Tri-State Transportation Campaign

Veronica Vanterpool, associate director, Tri-State Transportation Campaign
Testimony at MTA Board Meeting

July 27, 2011

Today the MTA will outline how it plans to close a $9 billion budget gap in its construction program, the program pays for crucial investments like track work, station rehabs, and new subways and buses.

The agency’s financing plan, from what we understand, is based on a similar, unsustainable practice—taking out more debt. The grand plan on the table is to borrow up to $7 billion. We are still paying off debt from 11 years ago. Is this the transit legacy we want to leave behind?

This financial plan is incredibly precarious. It relies on one-shots from the Port Authority and the federal government. It assumes changes in labor agreements.  It relies on an increase in support from New York City. It relies on an increase in the agency’s debt cap by the State, and approval by the State Legislature of new bonds. These are indeed possibilities but the variables and politics associated with each make them far from a sure bet.

The program will pay for needed investments that we support: station rehabs, signal modernization, track work, lighting, customer assistance. But, the Tri-State Transportation Campaign cannot support saddling future generations with debt, especially because the outlook for the system is grim. Imagine how difficult it will be to win support for transit in 5 years for the capital program when the public will be paying billions for a system slowing on the decline.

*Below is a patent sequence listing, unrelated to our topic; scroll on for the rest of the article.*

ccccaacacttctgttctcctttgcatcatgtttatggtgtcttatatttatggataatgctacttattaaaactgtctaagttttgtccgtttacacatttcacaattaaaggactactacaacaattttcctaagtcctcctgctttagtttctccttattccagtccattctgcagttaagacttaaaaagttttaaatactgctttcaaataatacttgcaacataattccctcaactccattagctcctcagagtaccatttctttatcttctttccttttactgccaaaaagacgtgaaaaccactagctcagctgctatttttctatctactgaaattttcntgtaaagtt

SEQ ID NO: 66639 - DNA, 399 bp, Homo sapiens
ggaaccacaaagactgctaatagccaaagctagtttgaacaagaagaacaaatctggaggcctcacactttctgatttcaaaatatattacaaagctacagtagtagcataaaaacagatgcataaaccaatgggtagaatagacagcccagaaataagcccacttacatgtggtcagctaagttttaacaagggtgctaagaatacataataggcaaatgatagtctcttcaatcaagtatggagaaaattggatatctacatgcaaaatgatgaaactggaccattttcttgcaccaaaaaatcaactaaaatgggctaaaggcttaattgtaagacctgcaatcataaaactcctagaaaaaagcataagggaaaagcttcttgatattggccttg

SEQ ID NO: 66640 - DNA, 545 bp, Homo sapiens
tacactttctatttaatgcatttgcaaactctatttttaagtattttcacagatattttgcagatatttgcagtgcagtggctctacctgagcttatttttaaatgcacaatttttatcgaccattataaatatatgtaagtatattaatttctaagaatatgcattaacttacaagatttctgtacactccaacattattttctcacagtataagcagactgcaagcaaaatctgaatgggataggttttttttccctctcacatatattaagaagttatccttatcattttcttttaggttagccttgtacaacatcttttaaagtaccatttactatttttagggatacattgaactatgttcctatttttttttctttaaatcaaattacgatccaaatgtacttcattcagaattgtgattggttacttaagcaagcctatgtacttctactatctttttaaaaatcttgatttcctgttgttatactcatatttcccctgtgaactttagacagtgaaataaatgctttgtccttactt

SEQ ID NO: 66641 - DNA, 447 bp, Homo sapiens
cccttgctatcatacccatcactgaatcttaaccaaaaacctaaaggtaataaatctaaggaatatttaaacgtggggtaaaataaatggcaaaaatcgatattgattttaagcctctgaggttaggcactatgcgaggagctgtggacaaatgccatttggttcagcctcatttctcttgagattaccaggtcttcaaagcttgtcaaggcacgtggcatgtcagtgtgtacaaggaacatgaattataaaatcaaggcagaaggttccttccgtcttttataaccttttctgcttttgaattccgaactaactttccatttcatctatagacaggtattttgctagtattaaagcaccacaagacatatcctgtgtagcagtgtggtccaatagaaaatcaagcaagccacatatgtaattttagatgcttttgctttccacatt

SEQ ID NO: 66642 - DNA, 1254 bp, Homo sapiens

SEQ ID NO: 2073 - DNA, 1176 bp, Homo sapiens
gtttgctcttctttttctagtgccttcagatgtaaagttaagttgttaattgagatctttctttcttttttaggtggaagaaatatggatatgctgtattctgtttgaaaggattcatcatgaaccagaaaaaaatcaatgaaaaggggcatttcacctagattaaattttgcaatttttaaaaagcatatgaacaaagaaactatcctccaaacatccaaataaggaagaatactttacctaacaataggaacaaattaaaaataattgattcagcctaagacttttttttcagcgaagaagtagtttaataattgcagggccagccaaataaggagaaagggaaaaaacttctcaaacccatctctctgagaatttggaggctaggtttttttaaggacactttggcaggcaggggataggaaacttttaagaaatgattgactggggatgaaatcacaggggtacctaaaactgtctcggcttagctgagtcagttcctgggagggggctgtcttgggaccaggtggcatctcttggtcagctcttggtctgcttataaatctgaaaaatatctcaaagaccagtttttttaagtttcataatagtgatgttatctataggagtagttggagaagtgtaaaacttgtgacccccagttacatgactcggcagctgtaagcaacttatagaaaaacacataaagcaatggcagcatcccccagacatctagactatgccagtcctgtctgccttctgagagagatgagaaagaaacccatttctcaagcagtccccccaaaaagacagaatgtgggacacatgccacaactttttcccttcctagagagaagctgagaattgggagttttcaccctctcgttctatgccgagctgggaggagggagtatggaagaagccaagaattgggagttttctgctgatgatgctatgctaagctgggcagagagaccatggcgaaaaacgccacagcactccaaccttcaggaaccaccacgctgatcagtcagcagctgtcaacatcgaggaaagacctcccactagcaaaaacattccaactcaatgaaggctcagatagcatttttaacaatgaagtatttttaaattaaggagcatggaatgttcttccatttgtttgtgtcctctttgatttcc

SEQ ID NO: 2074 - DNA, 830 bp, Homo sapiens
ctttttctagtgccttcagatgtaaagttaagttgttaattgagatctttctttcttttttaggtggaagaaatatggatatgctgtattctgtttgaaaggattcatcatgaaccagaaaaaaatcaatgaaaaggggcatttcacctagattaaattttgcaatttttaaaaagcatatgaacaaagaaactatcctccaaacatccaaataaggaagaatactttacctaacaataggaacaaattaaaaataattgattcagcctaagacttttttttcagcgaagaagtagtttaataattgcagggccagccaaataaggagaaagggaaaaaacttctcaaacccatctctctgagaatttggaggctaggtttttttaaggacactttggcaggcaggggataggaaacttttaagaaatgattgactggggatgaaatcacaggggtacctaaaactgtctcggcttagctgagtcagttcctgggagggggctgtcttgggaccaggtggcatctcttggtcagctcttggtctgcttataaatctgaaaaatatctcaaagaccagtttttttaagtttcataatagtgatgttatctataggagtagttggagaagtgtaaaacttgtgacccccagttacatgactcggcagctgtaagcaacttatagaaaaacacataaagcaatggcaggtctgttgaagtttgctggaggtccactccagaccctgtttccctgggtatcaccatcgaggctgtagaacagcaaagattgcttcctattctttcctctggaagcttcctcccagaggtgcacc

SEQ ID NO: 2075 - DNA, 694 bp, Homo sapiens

We recognize a lot of the problem is out of the MTA’s control. City aid to the agency has remained stagnant since 1995. The state used $250M in dedicated transit funds for other non-transit uses. New revenue, such as the payroll tax, has either come up short or been held hostage by suburban counties upset with the tax. And, the MTA can only implement but so many cost efficiencies before public safety, system cleanliness, and service delivery are compromised. We believe the agency is working hard to reduce costs, and applaud it for cutting $4 billion from this program.  

There is no coincidence that the vibrancy of New York City today exists because of the investments we’ve made since the MTA’s first multi-year rebuilding program was created in 1982. The last capital program, fully funded, would generate 20,000 new jobs over thenext 9 years and generate nearly $37 billion in economic activity. It accounts for 25% of NYC’s construction jobs. It allows business to flourish and grow throughout the region and protects property values.  Despite this, suburban legislators are pushing for the repeal of key funding sources for the system. 

Straphangers, don’t be fooled just because service isn’t being cut this year. The MTA is in a bad financial situation. Money that should be going to improve your commute is going to pay off debt instead. Fare increases are being planned every two years from 2013 on. Where does that leave NYC and the riding public? Governor Cuomo and the state legislature, we’d like to know.

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